Wisconsin VA uses alternate therapies to reduce opioid use
TOMAH, Wis. (AP) — A Veterans Affairs hospital in Wisconsin is using nontraditional therapies for pain and mental health as officials seek to address problems with over-prescribing medication at the facility.
The Tomah VA Medical Center is one of 18 veterans hospitals across the country launching the U.S. Department of Veterans Affairs’ Whole Health program, Wisconsin Public Radio reported .
“We’re trying to really change the environment to be one of looking at the entire veteran: what the veteran wants in their lives and what’s important to them,” said Victoria Brahm, director of the Tomah VA.
Whole Health coaches help VA patients set personal health and wellness goals, address chronic pain, prevent illness or injury and treat mental health needs. The program also uses alternative therapies like tai chi, acupuncture and Healing Touch, which focuses on restoring a person’s energy field.
“We sat back a couple of years ago and said, ‘Where are the gaps in service that veterans need and what value do we bring to this community and to the veterans at large?’ And we’ve determined that with some of the services and the experts that we have, we have something to offer here,” Brahm said.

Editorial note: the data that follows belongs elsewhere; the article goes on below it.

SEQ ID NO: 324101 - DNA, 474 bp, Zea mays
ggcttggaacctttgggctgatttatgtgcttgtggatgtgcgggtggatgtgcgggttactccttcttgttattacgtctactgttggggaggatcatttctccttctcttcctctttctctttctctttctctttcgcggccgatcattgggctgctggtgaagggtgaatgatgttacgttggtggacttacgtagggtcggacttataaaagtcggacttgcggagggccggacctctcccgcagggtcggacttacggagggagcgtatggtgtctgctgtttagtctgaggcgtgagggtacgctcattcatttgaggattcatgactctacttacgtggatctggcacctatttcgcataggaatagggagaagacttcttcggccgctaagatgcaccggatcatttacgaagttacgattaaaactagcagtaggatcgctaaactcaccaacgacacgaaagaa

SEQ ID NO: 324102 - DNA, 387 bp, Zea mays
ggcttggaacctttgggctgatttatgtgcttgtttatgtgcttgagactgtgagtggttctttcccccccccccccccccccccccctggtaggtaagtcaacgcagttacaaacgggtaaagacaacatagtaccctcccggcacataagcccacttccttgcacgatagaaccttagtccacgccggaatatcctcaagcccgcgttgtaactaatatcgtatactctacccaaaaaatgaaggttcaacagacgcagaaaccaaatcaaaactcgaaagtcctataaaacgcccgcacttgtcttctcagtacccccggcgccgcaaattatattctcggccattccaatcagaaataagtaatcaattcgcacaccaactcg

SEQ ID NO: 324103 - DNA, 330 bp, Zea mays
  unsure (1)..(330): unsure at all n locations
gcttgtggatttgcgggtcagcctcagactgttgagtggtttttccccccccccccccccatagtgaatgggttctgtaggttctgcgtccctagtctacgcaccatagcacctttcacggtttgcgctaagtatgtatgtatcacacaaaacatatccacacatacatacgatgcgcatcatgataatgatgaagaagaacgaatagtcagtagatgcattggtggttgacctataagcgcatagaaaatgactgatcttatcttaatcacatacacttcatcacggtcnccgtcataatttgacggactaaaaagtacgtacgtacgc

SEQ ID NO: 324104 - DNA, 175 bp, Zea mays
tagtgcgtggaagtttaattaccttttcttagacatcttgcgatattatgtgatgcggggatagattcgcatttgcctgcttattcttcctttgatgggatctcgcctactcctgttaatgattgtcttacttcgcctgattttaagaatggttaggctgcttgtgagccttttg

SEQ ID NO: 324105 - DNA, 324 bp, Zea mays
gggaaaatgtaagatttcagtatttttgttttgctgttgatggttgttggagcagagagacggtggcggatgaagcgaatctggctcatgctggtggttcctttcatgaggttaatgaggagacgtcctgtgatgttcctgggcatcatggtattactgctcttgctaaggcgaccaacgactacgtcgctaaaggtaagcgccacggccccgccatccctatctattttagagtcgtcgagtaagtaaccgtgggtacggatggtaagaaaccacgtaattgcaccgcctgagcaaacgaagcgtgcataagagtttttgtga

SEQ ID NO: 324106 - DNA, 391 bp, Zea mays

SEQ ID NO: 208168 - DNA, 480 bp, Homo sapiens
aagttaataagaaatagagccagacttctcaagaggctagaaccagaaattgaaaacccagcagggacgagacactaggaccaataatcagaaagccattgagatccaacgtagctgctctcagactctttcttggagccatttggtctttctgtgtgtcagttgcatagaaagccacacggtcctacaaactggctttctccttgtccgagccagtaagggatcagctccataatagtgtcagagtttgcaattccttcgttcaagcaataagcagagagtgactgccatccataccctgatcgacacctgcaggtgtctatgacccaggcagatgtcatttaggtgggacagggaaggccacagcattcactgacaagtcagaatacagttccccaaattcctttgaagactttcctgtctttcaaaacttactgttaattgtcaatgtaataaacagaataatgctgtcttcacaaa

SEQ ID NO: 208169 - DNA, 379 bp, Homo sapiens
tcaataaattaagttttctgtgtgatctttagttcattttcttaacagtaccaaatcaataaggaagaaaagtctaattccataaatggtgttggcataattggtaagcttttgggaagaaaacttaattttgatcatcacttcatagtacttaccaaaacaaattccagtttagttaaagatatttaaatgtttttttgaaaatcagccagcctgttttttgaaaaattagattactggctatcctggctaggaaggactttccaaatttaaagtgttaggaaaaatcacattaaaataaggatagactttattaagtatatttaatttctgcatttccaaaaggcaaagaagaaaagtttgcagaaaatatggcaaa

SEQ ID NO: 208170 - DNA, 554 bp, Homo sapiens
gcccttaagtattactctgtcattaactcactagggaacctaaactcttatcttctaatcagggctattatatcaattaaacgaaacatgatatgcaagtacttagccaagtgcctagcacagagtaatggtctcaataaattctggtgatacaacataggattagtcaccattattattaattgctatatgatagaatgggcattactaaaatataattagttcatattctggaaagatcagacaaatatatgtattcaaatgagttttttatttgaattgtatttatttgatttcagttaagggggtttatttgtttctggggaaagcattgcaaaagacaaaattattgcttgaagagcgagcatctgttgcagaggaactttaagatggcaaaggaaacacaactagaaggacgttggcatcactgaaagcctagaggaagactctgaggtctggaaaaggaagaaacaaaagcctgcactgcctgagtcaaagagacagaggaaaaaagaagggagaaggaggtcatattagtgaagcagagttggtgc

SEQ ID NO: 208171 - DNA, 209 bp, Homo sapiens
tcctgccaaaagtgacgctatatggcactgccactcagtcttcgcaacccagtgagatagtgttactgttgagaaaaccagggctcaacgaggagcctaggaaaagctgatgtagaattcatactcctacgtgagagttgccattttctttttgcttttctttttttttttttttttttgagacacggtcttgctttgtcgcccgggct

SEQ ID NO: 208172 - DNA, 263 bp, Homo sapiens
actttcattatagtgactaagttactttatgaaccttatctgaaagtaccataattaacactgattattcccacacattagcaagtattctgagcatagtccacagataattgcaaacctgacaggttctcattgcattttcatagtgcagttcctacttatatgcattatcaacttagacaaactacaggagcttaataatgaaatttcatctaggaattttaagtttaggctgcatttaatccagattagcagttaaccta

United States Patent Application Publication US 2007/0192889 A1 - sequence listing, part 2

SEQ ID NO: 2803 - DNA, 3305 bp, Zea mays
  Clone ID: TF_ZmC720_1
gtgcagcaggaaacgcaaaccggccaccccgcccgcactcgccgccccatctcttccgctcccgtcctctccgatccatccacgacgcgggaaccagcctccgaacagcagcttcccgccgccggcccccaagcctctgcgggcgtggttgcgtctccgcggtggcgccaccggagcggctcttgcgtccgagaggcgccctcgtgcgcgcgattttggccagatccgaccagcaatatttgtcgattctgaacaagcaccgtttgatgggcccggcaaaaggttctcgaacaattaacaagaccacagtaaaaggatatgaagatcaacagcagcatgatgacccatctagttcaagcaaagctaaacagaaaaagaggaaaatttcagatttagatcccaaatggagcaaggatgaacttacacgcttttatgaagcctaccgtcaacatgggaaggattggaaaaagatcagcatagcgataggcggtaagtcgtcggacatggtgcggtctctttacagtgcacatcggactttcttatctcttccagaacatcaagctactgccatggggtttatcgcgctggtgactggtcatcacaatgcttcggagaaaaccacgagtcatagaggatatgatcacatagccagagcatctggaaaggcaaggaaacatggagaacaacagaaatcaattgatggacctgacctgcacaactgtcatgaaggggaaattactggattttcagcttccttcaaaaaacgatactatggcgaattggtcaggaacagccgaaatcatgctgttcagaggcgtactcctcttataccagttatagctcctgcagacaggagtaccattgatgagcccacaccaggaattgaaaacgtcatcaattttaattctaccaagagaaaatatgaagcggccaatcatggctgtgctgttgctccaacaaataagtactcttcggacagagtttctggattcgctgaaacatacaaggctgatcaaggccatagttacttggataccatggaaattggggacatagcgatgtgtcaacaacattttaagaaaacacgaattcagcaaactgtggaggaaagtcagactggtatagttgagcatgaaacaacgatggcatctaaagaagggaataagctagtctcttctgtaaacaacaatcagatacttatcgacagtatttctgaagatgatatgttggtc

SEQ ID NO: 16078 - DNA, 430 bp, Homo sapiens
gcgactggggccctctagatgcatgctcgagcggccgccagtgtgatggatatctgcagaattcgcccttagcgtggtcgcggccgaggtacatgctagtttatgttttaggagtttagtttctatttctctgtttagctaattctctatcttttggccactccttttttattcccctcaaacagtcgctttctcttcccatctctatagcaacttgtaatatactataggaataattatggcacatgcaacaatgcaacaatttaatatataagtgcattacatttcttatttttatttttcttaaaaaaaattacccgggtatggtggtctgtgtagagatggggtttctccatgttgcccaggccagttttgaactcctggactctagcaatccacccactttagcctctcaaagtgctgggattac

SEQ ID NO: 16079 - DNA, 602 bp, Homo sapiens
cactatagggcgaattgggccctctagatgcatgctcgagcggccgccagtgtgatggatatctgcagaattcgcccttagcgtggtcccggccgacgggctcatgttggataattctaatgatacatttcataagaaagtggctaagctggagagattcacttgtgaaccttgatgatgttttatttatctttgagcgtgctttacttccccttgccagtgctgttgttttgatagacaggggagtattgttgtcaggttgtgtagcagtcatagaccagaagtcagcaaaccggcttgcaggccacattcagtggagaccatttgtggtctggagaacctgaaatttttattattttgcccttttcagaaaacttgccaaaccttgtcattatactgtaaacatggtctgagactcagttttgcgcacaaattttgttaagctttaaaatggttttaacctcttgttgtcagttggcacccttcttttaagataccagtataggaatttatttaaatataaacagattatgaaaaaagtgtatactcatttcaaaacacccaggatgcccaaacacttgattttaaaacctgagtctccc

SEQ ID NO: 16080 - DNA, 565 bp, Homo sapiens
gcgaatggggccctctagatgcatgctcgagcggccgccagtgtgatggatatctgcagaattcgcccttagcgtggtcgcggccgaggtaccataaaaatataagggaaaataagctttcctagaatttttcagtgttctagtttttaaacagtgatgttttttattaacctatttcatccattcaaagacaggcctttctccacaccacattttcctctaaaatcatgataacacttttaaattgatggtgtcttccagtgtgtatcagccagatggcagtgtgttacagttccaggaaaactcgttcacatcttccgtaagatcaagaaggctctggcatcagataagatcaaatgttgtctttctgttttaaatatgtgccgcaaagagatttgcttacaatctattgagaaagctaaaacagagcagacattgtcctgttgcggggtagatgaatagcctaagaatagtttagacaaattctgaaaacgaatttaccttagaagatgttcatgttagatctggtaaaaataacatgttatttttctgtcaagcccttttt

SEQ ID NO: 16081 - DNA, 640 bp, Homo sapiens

The initiative comes four years after a veteran died at the facility from a mixture of prescribed drugs. Federal investigations found that some staffers were over-prescribing drugs.
“We will never eradicate the need for opioids, but I think by combining it with the nontraditional therapy and taking the whole look at the veteran and veterans’ needs, we will be able to manage pain and still let the veterans have a quality of life that they need,” Brahm said.
Adam Flood, a La Crosse County Veterans Service officer, said he’s heard positive feedback about the initiative from some local veterans.
“It’s just providing new alternatives that a lot of veterans are starting to be interested in,” he said.
Information from: Wisconsin Public Radio, http://www.wpr.org